San Salvador, Feb. 26th, 2013

Over two hundred Members of the National Roundtable Against Metallic Mining in El Salvador, La Mesa, held a rally this morning in front of the Guatemalan Embassy in San Salvador to deliver a letter addressed to Guatemalan President Otto Perez Molina to express concerns related to the Cerro Blanco mining project in the border with El Salvador.


The letter delivered by a delegation of five community leaders from Metapan and other regions affected by mining in El Salvador stated that pollution from the mine would have immediate impacts on the health and economic wellbeing of more than 650,000 people living in 45 communities around the Guija Lake.  According to the letter, all these communities rely on fishing, farming, cattle ranching, tourism and other forms of economic activity stemming from the lake.

The presens of youth from diverse organizations created an entertaining a colourful atmosphere during the rally.

In a speech delivered during the rally, David Pereira, director of the Center for Research on Investment and Commerce-CEICOM, also referred to the potential violations of human rights this project would have on a much larger segment of the Salvadorian population that would be affected if the Lempa River was contaminated.  These include violations on the right to life, health, a clean and healthy environment, and the right to free and informed consent.  “We demand that that both, the presidents of Guatemala and El Salvador inform the public about the real environmental and health impacts this project will have for our communities” Pereira stated.

In late January 2013, the Office of the Human Rights Ombudsman of El Salvador released a report outlining the potential human rights violations arising from the development of the Cerro Blanco mine in Guatemala. The report notes the lack of action on the side of the Salvadoran government in addressing concerns raised by affected communities and recommends that the government mobilize state institutions that could play a role in mediating with Guatemala to deal with the impacts from Cerro Blanco.

The flurry of media reports and the public outcry that ensued from the release of the report compelled President Mauricio Funes to announce the creation of an inter-institutional commission to analyze and investigate the levels of contamination of the Guija Lake and the Lempa river.  During the same announcement, he stated that the “actions from the Salvadoran government to respond to potential impacts from the Cerro Blanco mine could be varied depending on the results from this investigation.”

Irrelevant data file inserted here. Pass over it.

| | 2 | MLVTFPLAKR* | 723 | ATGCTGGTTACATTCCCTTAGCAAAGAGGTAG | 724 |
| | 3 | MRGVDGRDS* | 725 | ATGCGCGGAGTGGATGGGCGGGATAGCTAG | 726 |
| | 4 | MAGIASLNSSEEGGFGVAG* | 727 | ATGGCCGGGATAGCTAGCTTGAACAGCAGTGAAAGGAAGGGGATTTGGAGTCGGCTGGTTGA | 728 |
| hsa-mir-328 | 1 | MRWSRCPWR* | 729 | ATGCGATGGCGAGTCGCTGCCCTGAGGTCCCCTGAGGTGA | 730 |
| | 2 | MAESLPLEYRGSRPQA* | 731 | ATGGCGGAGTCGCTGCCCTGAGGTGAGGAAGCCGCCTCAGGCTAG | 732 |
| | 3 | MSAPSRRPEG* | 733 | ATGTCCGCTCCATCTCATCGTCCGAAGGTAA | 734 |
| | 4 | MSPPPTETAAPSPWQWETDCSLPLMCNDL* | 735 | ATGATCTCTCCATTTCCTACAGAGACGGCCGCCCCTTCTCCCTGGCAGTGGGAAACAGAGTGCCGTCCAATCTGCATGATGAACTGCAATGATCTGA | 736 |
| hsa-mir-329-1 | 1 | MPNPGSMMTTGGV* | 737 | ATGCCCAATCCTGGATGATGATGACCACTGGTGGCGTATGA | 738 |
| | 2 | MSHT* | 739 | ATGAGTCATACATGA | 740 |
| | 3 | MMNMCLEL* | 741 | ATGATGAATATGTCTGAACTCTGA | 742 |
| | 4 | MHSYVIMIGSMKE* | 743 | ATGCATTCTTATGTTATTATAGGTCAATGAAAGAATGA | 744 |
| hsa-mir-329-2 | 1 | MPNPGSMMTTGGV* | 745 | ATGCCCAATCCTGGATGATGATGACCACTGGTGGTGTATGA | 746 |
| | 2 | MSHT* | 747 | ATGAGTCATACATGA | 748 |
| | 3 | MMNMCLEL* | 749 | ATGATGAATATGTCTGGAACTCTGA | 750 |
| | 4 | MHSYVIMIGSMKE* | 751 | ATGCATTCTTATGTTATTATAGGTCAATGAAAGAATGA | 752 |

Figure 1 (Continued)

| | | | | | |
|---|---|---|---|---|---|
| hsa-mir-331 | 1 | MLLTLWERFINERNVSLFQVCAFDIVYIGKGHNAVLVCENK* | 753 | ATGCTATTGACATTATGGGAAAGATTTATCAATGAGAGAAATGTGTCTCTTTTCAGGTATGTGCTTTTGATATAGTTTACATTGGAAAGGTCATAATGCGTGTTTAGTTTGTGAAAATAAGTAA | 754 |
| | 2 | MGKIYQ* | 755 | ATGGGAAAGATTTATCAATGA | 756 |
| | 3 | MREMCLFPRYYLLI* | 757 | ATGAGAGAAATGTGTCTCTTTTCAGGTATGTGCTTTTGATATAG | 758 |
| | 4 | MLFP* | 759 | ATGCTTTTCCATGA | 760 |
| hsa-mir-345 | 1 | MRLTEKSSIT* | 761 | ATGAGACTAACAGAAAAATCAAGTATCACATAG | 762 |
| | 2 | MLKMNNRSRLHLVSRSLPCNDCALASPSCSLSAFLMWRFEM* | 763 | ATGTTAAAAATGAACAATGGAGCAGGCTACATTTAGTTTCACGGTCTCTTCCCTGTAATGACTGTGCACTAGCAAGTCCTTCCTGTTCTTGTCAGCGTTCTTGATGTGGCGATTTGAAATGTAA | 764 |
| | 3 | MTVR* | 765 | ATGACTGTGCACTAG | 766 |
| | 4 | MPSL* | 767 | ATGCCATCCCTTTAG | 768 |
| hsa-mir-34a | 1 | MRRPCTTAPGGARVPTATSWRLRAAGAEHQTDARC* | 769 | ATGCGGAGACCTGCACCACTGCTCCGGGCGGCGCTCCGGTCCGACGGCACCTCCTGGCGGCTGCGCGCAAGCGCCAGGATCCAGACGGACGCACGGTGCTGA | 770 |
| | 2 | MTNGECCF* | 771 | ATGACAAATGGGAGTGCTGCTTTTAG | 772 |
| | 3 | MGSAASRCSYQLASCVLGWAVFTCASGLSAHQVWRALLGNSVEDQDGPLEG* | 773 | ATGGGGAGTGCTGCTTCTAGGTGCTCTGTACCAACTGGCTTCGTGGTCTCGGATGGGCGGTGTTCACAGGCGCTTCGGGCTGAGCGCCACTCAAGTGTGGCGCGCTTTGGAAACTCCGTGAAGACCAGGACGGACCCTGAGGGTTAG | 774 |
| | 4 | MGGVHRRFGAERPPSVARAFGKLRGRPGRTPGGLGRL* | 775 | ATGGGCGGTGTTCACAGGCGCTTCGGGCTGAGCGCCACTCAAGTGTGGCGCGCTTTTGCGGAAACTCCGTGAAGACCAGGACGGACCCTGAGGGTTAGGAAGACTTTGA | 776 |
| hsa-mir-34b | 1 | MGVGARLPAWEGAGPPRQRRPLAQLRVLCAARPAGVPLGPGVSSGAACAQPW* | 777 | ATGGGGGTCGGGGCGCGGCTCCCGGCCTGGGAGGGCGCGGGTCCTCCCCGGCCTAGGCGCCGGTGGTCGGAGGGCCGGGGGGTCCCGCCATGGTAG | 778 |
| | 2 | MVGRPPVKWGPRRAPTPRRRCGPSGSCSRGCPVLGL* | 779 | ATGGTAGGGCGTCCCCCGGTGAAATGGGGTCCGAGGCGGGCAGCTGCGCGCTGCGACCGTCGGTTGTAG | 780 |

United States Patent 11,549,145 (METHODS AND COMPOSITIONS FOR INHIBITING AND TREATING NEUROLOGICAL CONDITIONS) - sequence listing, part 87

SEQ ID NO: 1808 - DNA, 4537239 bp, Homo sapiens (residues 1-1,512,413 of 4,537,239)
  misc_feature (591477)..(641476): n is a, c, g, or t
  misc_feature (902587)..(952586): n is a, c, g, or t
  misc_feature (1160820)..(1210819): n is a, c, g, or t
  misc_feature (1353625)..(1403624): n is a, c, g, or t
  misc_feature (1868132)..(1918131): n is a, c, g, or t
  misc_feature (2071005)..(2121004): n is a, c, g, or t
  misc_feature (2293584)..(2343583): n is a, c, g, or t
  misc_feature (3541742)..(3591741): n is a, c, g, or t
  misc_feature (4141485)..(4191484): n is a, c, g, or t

The government of Guatemala also responded.  On February 14th, the foreign affairs ministry issued a press release declaring that there is no contamination arising from the Cerro Blanco project because it still has not reached its exploitation phase.  The release also states that the development of the mine is consistent with Guatemala’s sovereign right to develop its economy and that the country has in place a pollution management strategy based on a system of “compensation for environmental services”.

Following the rally on Feb. 26th, a televised report, broadcasted on El Salvador’s Channel 12 News, shows both presidents making parallel declarations that some action is being taken and that a bi-national commission would be meeting to discuss the project in the near future.

The fact that both presidents have publicly responded to La Mesa’s demand to close the Cerro Blanco project is a testament to the strength of the Salvadorian anti-mining movement and its allies.  For members of La Mesa, however, these public declarations are no signs that their demands are going to be met.  In a casual conversation during the rally,  Bernardo Belloso, a veteran organizer with La Mesa who represents the Association for Cooperation and Development in El Salvador-CORDES, reflects that “we have made our demands very clear”, he pauses and then continues, “we are asking the government of Guatemala to close the Cerro Blanco project and the government of El Salvador to approve legislation to ban metallic mining in our soil” until that happens, “Our communities will continue to organize to defend the right to life and the right to clean water.”